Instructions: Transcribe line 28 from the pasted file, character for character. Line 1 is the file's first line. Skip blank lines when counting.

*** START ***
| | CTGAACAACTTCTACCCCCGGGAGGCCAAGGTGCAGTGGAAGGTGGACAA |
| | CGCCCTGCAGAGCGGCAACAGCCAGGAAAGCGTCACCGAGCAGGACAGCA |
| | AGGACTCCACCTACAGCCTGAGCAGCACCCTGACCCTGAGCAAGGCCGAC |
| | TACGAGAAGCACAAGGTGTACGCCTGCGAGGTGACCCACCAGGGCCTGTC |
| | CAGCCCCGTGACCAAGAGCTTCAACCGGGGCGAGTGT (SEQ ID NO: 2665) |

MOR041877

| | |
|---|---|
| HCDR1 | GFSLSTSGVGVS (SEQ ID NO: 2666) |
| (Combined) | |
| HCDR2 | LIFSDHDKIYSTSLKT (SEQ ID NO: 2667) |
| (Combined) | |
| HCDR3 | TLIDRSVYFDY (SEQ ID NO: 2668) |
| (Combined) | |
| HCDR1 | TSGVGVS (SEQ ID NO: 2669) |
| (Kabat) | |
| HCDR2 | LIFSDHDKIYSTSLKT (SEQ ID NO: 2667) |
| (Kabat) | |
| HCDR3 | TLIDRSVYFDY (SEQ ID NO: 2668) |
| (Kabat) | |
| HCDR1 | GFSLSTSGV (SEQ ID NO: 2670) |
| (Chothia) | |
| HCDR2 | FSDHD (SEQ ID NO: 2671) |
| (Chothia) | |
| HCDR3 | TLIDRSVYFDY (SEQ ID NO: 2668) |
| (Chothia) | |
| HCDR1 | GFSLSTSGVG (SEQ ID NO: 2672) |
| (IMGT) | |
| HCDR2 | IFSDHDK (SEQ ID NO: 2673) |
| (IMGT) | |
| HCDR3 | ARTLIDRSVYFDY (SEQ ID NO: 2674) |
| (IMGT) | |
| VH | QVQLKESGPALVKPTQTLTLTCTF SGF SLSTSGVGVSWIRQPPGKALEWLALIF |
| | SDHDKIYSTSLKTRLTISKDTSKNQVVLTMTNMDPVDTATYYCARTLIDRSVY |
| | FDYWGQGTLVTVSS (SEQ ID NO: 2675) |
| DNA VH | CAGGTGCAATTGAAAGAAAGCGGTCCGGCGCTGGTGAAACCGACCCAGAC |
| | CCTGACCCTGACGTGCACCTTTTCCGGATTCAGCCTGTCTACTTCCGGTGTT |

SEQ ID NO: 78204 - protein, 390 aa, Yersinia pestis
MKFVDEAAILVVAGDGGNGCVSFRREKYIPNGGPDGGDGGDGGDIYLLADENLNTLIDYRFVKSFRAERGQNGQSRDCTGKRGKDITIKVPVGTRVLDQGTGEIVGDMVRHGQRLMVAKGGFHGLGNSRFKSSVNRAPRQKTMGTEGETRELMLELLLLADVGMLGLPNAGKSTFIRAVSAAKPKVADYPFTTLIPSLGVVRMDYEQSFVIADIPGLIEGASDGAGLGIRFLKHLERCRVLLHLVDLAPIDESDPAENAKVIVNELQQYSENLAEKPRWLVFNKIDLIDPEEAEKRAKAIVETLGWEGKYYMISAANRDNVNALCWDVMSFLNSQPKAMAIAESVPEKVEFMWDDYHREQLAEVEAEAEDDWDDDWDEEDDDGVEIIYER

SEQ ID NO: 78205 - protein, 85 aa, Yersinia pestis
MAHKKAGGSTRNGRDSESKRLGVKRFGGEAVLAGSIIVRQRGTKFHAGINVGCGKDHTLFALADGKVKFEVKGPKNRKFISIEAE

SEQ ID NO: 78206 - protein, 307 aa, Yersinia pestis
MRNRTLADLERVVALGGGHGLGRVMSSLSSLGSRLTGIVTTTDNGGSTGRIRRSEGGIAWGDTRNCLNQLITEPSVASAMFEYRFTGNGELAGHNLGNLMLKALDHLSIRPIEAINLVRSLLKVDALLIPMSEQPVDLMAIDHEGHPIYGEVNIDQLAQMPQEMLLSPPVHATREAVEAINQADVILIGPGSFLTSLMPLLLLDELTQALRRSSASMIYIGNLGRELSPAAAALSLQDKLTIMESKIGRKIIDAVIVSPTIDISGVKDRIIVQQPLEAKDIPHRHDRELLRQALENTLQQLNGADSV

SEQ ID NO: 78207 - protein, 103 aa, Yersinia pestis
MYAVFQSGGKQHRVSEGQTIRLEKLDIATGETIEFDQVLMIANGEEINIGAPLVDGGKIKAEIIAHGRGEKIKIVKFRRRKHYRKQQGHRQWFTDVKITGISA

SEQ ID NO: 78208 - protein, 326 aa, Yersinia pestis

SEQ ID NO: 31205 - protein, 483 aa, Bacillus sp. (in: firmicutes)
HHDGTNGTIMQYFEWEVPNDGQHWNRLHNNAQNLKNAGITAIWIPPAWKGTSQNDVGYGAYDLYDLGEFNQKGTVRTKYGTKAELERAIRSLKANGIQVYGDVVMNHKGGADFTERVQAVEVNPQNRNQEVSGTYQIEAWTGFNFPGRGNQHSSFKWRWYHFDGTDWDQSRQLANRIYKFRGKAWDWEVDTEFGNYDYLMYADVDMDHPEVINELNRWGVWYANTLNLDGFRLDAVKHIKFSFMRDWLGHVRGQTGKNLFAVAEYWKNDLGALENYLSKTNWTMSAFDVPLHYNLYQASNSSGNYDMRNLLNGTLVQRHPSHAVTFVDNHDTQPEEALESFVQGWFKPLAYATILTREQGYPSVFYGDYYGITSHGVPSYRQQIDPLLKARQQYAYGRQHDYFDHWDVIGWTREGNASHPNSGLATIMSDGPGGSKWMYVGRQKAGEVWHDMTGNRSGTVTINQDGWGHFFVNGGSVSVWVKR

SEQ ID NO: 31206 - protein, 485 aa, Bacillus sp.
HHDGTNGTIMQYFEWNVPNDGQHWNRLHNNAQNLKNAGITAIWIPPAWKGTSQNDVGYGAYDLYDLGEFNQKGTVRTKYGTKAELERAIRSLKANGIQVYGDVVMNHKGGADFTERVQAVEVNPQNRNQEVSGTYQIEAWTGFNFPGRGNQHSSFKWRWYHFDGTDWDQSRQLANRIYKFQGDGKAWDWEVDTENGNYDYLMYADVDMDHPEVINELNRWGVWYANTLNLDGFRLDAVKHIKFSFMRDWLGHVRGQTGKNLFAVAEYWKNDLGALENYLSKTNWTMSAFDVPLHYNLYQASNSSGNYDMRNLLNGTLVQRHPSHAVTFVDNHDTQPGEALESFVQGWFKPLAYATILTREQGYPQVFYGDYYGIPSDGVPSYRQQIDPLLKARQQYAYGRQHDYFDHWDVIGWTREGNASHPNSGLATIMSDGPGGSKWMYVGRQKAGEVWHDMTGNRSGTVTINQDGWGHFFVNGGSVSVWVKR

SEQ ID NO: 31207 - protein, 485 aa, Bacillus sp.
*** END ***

| (IMGT) | |